Court hearings in Britain over the US administration’s extradition case against Julian Assange begin in earnest this week. The decade-long saga that brought us to this point should appall anyone who cares about our increasingly fragile freedoms.
By Jonathan Cook
Published on the author’s own website, Sept 2, 2020
Court hearings in Britain over the US administration’s extradition case against Julian Assange begin in earnest next week. The decade-long saga that brought us to this point should appall anyone who cares about our increasingly fragile freedoms.
A journalist and publisher has been deprived of his liberty for 10 years. According to UN experts, he has been arbitrarily detained and tortured for much of that time through intense physical confinement and endless psychological pressure. He has been bugged and spied on by the CIA during his time in political asylum, in Ecuador’s London embassy, in ways that violated his most fundamental legal rights. The judge overseeing his hearings has a serious conflict of interest – with her family embedded in the UK security services – that she did not declare and which should have required her to recuse herself from the case.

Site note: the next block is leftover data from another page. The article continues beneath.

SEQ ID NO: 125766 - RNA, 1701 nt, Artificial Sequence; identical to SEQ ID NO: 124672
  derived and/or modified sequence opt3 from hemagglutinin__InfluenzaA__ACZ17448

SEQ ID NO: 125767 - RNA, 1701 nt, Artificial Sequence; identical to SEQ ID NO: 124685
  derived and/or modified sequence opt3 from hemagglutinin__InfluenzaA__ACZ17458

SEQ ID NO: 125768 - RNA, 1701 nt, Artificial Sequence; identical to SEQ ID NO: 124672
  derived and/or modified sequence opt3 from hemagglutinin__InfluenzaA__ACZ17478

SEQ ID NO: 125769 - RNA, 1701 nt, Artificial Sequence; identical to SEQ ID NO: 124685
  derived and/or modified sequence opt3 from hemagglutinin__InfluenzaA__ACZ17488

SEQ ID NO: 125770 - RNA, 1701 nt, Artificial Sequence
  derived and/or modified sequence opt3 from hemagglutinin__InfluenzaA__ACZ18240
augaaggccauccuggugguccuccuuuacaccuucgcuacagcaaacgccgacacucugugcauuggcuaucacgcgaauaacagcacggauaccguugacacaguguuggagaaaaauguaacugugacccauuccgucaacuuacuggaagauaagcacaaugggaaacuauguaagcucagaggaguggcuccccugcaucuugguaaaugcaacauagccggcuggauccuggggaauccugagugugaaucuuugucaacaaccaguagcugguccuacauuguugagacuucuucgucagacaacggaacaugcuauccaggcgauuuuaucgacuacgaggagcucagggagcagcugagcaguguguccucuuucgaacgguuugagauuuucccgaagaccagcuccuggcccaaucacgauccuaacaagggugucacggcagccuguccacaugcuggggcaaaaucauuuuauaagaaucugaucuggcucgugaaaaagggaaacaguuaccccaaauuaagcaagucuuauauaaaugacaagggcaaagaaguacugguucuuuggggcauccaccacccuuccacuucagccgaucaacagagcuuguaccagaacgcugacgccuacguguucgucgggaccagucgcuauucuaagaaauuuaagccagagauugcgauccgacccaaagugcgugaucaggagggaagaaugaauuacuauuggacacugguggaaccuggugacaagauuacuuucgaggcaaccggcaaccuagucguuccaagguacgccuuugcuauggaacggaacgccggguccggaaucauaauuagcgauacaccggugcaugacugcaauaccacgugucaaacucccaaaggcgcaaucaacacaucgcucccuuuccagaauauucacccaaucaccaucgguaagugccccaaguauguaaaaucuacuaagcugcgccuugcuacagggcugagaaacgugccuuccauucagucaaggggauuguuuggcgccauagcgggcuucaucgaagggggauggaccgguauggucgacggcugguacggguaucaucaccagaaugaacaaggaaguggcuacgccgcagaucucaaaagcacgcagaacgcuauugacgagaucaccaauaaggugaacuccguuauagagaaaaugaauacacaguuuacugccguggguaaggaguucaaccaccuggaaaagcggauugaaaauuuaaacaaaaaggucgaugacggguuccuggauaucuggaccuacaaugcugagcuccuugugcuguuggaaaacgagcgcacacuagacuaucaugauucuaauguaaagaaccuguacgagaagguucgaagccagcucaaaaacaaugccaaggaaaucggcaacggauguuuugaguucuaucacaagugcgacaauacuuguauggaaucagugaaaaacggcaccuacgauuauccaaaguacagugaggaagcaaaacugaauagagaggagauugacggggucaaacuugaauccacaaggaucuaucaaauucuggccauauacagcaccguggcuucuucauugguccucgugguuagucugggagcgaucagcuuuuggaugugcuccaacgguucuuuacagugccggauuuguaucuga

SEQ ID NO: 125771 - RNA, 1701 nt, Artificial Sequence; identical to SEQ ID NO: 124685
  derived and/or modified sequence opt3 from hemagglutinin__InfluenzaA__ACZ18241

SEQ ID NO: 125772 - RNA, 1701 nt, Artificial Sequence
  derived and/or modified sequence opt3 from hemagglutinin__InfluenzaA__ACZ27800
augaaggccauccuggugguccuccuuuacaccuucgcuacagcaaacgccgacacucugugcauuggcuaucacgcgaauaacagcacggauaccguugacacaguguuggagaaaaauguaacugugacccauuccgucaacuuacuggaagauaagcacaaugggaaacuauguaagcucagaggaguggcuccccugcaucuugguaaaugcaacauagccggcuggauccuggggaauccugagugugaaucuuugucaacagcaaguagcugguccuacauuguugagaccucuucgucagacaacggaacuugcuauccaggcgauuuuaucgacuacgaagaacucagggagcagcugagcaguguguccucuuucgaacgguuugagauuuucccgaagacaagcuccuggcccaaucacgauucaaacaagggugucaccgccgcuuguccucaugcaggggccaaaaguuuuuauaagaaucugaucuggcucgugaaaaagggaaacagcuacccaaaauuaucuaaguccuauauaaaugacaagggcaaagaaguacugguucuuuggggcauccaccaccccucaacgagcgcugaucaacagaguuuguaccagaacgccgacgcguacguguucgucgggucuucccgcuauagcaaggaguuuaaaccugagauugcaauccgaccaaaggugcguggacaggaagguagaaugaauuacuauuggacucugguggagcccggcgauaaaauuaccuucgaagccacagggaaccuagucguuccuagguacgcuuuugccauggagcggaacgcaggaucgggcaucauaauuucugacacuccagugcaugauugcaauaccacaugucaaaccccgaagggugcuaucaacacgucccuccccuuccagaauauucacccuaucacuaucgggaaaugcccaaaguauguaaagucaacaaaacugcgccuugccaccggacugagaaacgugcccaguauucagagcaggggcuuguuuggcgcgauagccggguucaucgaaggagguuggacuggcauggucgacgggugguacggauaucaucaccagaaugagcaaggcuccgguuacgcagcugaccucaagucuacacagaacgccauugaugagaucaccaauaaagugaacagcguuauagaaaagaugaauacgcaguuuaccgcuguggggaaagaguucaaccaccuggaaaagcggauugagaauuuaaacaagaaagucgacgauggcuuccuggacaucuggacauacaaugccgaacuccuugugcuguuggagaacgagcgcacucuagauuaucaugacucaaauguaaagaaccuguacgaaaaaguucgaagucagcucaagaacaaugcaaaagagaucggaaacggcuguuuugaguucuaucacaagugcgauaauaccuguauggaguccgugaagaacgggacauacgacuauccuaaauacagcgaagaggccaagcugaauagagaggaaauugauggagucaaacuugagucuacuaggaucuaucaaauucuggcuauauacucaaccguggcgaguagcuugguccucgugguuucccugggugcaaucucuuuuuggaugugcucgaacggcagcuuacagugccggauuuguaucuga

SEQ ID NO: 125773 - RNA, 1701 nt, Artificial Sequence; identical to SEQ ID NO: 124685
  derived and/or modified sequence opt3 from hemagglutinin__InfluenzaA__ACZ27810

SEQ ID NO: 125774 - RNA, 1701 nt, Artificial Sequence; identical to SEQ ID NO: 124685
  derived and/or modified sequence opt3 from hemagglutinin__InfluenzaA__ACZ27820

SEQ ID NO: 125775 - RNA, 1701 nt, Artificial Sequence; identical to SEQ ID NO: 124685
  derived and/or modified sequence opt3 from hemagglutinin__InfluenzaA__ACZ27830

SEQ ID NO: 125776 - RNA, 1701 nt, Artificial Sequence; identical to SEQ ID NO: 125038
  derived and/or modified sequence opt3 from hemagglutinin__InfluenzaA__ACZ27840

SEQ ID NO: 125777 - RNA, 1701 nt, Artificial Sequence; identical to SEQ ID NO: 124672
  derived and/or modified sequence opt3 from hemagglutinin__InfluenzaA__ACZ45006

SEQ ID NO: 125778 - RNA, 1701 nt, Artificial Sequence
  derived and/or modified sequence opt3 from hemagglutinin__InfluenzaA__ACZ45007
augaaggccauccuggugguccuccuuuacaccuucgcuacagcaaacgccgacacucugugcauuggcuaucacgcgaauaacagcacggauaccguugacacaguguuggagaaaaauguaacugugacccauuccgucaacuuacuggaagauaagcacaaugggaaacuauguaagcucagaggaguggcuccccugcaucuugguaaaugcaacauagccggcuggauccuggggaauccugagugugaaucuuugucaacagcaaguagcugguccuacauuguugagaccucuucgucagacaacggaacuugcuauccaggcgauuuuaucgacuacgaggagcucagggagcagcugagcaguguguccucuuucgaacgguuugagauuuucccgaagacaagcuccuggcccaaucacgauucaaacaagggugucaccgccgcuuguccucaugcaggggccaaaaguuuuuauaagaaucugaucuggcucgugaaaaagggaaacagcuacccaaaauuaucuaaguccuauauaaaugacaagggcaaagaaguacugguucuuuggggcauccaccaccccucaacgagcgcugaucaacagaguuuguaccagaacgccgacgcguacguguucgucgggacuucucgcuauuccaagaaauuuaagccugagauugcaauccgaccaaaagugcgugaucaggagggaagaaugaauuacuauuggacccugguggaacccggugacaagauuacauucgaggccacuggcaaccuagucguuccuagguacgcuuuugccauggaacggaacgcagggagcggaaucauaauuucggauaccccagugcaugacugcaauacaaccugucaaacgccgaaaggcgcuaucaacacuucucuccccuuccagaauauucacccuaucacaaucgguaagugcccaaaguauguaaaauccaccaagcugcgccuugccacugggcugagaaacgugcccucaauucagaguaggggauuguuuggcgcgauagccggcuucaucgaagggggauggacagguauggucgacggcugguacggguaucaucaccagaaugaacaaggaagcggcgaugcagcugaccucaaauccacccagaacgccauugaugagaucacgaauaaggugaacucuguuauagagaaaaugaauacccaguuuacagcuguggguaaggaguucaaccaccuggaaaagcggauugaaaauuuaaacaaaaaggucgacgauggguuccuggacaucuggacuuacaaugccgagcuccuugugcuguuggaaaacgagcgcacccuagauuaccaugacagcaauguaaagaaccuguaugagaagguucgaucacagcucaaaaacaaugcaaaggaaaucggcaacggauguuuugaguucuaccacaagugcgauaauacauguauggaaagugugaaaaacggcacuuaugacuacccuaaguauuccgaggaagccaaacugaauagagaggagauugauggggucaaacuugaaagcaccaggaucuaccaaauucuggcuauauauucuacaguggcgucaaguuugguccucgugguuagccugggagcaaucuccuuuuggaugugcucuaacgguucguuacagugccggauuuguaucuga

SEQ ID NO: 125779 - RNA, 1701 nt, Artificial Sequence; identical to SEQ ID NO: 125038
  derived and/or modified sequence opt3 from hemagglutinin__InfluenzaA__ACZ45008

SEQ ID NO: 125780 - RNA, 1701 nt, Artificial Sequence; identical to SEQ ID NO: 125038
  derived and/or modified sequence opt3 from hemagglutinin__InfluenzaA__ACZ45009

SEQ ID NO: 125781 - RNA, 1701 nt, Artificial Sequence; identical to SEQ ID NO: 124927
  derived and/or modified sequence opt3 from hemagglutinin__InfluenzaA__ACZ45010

Today one year ago we visited #Assange in prison.
He showed clear signs of prolonged psychological #Torture.
First I was shocked that mature democracies could produce such an accident.
Then I found out it was no accident.
Now, I am scared to find out about our democracies… pic.twitter.com/enElUmA1fK
— Nils Melzer (@NilsMelzer) May 9, 2020
All indications are that Assange will be extradited to the US to face a rigged grand jury trial meant to ensure he sees out his days in a maximum-security prison, serving a sentence of up to 175 years.
None of this happened in some Third-World, tinpot dictatorship. It happened right under our noses, in a major western capital, and in a state that claims to protect the rights of a free press. It happened not in the blink of an eye but in slow motion – day after day, week after week, month after month, year after year.
And once we strip out a sophisticated campaign of character assassination against Assange by western governments and a compliant media, the sole justification for this relentless attack on press freedom is that a 49-year-old man published documents exposing US war crimes. That is the reason – and the only reason – that the US is seeking his extradition and why he has been languishing in what amounts to solitary confinement in Belmarsh high-security prison during the Covid-19 pandemic. His lawyers’ appeals for bail have been refused.